An influx of new developments in Gqeberha in the Eastern Cape means aspiring first-time homeowners looking to invest up to R1m are able to gain a foothold on the property ladder by buying off-plan homes that fall below the threshold for transfer duties.
“Affordability and accessibility means that the ‘Friendly City’ is living up to its nickname when it comes to welcoming first-home buyers. Furthermore, a year of record-low interest rates has made it even easier for new buyers to invest in property,” says Carl Coetzee, CEO of BetterBond. “First home buyers are now able to afford more than they did early in 2020, when the prime lending rate was at 10%. This increased demand has seen the average purchase price of homes for our first-time buyers in the Eastern Cape increase by 9% for July, year-on-year. The overall average purchase price for BetterBond applicants in the province has increased by 10% for this period.”
Despite this strong house price growth, Gqeberha has an abundance of new developments and sectional title options offering exceptional value for money, adds Coetzee. “Close to 40% of bonds approved for clients from Gqeberha for the 12 months ending in July were between R500,000 and R1m, with R1m being the threshold for the payment of property transfer duty.”
Developments in Fairview, Walmer and Overbakens are ideally placed for those buying in the R750,000 price band, says Paul Stevens, CEO of Just Property. Properties of R500,000 to R750,000 account for the lion’s share of properties sold by Just Property between January and July this year. Similarly, 42% of properties sold in King Williamstown and 35% of those sold in Buffalo City fell within this price band.
Gqeberha’s sectional title market is doing particularly well, says Erica Venter, Eastern Cape sales manager for BetterBond, with Lightstone reporting average prices in 2021 of R789,000. “This is in line with our data which show that 74% of BetterBond’s applicants in Gqeberha are first-home buyers, and the average age is 36 years old. Also, 62% of our applicants are women buyers.” The demand for modern, two-bedroom units close to schools and major transport routes seems to be “insatiable”, she adds. For every successful bond application, there are on average five other pre-approved buyers in line for the same property. “One gets the sense that buyers are purchasing properties almost as quickly as developers can build.”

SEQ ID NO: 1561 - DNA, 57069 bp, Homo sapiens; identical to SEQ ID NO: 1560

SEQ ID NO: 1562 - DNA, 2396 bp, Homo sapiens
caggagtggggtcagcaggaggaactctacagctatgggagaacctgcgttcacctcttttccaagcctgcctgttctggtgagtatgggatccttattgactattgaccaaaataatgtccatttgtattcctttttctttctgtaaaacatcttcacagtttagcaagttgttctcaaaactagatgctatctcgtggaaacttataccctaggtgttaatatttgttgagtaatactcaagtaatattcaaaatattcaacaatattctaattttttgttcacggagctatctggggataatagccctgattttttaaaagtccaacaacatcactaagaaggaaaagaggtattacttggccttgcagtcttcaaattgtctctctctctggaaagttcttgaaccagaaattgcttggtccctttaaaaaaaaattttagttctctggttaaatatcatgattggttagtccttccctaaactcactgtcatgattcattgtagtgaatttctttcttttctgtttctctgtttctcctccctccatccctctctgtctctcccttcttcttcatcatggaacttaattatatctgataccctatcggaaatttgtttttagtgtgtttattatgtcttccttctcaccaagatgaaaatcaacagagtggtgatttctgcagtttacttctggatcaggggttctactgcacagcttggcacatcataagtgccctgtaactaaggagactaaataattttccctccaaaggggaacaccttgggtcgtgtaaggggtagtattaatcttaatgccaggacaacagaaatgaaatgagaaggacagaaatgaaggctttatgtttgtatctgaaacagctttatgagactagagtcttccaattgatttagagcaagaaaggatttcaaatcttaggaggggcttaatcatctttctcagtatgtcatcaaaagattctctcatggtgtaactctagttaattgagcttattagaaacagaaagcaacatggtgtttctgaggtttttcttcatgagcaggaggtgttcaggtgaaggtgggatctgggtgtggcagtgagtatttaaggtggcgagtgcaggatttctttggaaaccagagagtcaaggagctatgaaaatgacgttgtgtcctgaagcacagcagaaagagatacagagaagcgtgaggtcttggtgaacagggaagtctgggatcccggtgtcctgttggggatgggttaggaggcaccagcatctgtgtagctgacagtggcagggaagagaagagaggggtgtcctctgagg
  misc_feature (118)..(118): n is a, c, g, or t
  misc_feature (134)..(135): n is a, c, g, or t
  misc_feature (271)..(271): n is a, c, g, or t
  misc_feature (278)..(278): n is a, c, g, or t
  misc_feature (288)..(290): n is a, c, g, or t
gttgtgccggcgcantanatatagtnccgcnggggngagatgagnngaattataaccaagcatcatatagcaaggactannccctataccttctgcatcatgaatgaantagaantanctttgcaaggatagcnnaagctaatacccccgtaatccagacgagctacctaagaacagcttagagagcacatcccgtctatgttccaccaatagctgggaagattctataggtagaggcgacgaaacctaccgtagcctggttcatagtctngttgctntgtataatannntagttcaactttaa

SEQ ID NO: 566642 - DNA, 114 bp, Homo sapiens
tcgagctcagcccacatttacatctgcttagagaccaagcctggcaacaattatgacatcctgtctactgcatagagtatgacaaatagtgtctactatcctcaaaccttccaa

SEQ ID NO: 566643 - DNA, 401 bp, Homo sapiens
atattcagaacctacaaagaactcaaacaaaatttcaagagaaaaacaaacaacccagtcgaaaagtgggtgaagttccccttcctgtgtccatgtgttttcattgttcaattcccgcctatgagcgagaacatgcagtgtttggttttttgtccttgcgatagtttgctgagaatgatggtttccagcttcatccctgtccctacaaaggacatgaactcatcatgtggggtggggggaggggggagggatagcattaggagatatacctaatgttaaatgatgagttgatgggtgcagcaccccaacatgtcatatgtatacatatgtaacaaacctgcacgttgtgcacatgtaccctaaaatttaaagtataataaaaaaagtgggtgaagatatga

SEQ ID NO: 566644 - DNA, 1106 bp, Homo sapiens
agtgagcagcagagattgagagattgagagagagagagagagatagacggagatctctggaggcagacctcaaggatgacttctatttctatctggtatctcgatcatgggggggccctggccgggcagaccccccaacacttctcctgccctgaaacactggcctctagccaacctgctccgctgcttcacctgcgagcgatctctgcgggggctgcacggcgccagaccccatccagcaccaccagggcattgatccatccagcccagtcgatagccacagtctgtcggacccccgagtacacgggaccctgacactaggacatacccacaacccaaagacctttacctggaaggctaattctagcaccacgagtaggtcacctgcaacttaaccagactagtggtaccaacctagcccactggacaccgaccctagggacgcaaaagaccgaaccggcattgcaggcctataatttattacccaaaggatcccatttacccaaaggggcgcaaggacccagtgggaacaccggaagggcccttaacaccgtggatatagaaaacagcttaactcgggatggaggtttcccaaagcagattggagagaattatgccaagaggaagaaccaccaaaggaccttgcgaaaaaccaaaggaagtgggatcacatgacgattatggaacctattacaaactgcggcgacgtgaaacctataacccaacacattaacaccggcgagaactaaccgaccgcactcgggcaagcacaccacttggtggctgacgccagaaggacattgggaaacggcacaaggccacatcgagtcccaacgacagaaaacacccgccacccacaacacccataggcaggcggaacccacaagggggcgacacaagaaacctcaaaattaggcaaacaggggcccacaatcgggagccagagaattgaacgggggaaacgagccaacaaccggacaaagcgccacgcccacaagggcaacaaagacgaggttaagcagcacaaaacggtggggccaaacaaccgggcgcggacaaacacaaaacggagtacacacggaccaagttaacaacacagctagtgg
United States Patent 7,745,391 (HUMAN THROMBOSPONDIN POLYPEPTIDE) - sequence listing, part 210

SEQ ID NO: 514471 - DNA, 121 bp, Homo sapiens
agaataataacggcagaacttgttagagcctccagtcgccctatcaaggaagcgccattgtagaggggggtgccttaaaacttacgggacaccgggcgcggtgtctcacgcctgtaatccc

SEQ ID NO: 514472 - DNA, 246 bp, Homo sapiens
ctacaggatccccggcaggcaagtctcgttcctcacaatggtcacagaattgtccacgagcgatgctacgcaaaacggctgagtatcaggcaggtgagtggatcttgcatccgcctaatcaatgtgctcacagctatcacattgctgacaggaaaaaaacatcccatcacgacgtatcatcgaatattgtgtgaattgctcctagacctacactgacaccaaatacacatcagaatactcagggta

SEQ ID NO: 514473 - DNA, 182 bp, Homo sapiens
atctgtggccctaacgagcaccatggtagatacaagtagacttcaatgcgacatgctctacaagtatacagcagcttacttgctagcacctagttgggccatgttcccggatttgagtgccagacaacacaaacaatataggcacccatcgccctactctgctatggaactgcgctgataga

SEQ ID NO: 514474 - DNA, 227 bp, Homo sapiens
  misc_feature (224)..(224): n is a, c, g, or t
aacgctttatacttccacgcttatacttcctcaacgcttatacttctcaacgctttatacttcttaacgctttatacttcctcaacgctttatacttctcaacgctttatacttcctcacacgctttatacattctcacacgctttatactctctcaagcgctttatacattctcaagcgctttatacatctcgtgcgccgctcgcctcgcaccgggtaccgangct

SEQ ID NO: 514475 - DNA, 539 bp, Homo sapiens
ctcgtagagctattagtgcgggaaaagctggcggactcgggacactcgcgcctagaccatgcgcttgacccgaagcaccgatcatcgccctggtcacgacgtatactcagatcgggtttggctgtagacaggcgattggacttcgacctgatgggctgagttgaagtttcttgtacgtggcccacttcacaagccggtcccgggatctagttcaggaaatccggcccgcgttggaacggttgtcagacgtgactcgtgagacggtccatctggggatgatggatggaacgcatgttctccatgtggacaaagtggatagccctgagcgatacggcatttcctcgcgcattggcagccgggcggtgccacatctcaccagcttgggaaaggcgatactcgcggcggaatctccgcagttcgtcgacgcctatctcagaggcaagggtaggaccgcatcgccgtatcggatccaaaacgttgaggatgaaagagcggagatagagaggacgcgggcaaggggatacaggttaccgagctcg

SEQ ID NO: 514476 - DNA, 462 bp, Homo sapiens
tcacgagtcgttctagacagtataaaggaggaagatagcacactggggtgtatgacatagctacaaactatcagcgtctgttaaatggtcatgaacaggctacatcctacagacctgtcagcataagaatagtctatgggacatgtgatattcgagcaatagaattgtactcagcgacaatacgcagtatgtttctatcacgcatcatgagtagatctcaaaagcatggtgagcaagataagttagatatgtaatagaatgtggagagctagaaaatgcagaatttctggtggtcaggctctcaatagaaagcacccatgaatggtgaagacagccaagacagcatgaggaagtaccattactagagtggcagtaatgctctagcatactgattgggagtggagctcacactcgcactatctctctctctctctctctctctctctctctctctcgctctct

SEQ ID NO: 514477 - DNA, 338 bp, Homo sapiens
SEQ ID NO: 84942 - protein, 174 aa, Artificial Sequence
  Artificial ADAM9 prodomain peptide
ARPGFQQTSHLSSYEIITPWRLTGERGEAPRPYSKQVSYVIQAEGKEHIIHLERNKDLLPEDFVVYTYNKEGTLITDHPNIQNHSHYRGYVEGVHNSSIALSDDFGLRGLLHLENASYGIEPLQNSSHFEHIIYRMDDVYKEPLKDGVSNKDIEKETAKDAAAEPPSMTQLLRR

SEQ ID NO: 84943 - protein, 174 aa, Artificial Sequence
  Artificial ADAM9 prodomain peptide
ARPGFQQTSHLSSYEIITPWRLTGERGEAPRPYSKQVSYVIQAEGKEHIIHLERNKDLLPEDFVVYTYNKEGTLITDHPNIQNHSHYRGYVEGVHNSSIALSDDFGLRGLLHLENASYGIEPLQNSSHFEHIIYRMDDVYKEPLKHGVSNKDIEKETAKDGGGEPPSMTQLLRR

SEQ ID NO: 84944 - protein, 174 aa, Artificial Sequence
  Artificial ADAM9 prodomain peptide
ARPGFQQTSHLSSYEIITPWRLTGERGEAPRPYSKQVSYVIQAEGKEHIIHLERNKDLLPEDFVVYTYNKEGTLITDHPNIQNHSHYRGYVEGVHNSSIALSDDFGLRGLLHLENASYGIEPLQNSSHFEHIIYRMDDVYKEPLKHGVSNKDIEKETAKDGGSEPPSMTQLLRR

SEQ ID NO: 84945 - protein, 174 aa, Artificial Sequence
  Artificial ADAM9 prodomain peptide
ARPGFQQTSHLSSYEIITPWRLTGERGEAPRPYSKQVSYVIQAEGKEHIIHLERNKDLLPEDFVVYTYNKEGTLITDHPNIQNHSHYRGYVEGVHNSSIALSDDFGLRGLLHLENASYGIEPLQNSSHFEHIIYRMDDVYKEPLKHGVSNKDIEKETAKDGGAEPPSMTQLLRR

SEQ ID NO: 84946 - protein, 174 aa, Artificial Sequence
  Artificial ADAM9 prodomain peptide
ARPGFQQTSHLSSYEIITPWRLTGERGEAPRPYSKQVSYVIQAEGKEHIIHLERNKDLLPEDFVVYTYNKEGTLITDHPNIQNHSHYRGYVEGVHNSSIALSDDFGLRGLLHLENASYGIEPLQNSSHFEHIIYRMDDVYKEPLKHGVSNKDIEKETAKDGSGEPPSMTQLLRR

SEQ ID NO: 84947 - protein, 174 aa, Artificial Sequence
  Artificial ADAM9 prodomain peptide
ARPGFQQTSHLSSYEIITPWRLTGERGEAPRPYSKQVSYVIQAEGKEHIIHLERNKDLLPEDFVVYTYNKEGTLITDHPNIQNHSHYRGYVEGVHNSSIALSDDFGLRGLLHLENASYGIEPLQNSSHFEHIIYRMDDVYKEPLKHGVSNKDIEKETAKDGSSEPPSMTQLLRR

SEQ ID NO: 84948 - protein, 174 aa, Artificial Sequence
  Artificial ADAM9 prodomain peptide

Tenants opting to buy instead
Carl Coetzee, CEO of BetterBond
Furthermore, Stevens says the Eastern Cape market is fueled by previous tenants who can now buy for much the same monthly cost as they can rent. Historically low interest rates means that many tenants are opting to buy property instead of paying off their landlord’s bond by paying monthly rental. “This shift from renting to owning a property also reflects an emerging trend where particularly younger people have decided to take control of their finances by investing in property at a younger age. Covid-19 has made us aware of the risk of being financially vulnerable. However, property has proven its resilience even during challenging economic times, and an investment in a home allows for greater control or ‘ownership’ of one’s long-term financial future,” says Coetzee.
“The current prime lending rate of 7% means that buyers can afford up to 30% more than they could 18 months ago. It also means that for many, it may be cheaper to buy than rent,” says Coetzee. The average monthly rental on a R1m property is about R7,800. Meanwhile, at a prime lending rate of 7%, the monthly bond repayment on the same property would be comparatively less at R7,753. There are, of course, additional costs associated with owning a house, but there is also the benefit of having a fixed asset, says Coetzee.
According to a November 2020 report by the Property Professional, the average profile of the typical property investor has changed significantly...
31 Aug 2021
Perennial renters will need to save moreResearch
in the UK has found that lifetime renters will need an extra £9,000 of annual income to cover their rental costs, compared with homeowners. This means that they will need to save twice as much into their pension to cater for that period when they are no longer earning a salary. “Similarly in South Africa, perennial renters will end up spending money on monthly rental costs that could have been used to save towards their retirement. With the interest rate at its lowest in more than 50 years, there has never been a better time to apply for a bond, and to do so from an earlier age,” concludes Coetzee.